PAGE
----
Although price is self-explanatory, there are a few additional factors we always take into account when evaluating an offer. It’s been my experience and we have seen some tricky and hidden clauses that may they’ll end up affecting your net proceeds

Is the buyer offering to pay closing costs?

Generally, both the buyers and the sellers are responsible for paying a portion of the closing costs. But in a competitive market, buyers might offer to pay more than their typical share. Sellers can often negotiate closing costs like the owner’s title policy, in many counties in South Florida it is customary for the buyers to pay the title policy — the third-largest closing cost expense. This is negotiable and can be stated in the purchase agreement.  

You can also negotiate facets such as escrow fees, home warranty fees, HOA transfer fees, recording fees and title insurance fees — all a part of your closing costs. It is important to take these expenses into account when calculating your net proceeds from the sale.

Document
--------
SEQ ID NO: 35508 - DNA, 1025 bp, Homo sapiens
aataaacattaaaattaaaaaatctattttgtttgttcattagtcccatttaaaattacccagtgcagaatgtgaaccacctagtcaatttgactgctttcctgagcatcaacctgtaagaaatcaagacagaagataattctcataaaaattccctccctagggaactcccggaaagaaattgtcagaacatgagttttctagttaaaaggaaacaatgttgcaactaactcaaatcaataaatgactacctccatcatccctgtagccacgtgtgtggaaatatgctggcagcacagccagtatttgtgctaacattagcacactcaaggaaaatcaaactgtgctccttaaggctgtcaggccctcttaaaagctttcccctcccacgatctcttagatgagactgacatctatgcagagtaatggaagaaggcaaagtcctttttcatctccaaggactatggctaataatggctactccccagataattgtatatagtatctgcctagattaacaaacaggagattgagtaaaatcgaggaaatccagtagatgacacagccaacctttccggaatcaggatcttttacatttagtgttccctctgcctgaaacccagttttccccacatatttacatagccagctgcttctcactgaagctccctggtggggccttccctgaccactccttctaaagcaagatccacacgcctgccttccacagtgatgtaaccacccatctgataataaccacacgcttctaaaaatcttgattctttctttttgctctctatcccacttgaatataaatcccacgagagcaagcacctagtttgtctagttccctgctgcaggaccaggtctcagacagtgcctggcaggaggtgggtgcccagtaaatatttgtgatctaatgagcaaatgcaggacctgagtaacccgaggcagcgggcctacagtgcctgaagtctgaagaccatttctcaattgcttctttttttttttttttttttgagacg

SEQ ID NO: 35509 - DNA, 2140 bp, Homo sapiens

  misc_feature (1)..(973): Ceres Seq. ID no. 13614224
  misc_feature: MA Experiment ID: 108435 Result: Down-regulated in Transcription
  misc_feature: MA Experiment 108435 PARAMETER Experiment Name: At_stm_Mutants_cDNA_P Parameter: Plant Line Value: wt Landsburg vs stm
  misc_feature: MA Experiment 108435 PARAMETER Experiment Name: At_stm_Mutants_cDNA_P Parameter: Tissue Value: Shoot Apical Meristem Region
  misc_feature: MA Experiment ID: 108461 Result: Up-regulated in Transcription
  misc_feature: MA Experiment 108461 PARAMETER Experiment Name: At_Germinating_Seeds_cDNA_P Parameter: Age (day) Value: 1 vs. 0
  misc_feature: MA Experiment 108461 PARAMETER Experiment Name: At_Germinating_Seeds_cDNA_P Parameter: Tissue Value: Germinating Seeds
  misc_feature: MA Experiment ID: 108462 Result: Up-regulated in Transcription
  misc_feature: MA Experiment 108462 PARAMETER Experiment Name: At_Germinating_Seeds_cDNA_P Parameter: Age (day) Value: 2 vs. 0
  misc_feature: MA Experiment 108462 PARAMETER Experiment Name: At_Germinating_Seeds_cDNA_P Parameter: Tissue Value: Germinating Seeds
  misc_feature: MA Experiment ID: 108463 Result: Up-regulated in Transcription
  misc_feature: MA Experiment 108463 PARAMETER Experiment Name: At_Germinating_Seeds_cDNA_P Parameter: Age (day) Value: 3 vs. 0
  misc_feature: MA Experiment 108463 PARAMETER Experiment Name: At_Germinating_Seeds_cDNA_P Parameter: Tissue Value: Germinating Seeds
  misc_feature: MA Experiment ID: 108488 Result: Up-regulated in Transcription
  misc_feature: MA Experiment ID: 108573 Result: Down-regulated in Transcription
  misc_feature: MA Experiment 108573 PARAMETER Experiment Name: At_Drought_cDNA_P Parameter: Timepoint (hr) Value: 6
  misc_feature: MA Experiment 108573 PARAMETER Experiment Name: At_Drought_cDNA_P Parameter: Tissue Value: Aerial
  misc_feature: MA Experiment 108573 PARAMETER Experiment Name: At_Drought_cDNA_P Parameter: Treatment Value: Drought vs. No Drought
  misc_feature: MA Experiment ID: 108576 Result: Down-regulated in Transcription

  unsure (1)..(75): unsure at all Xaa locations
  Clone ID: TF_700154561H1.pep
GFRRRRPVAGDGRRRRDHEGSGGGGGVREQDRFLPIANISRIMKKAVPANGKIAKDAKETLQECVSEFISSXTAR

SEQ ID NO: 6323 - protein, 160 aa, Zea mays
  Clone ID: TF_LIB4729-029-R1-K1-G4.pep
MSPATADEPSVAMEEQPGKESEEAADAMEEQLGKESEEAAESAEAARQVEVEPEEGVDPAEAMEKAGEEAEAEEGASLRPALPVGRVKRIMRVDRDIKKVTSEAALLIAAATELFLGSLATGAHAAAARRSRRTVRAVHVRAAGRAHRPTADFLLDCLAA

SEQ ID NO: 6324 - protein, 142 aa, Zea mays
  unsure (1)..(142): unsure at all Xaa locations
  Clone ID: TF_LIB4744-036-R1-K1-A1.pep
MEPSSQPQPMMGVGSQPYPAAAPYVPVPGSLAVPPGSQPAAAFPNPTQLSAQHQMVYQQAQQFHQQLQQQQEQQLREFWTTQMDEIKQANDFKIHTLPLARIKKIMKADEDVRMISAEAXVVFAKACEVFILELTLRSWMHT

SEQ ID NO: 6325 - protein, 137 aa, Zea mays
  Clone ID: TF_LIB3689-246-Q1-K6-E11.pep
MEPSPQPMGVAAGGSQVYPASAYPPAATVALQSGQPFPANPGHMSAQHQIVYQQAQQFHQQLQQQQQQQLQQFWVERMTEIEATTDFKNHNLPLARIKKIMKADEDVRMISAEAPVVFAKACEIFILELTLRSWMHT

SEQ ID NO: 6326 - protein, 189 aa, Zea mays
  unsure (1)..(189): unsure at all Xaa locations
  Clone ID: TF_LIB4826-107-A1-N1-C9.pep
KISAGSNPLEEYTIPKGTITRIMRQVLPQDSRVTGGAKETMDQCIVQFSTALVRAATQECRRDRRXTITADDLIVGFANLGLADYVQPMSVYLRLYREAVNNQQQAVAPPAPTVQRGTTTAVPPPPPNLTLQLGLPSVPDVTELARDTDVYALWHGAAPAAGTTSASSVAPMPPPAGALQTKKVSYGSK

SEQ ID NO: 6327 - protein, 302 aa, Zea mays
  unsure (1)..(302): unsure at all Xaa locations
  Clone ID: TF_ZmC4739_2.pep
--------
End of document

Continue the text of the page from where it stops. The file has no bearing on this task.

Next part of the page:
If needed, will the buyer pay for a new survey?

It is typical for lenders — and title companies — to require a survey before finalizing the buyers’ loan. If the seller has an existing survey, the buyer will often opt to use that, however the buyer’s lender may ask to have it re-certified. In cases where there is no survey, say if it were misplaced or insufficient to meet a lender’s requirements, one party would have to pay to draw a new survey. In their offer, the buyer will indicate which party they expect to pay. Typically, this burden is on the buyer.

Will the buyer pay for the survey endorsement or coverage?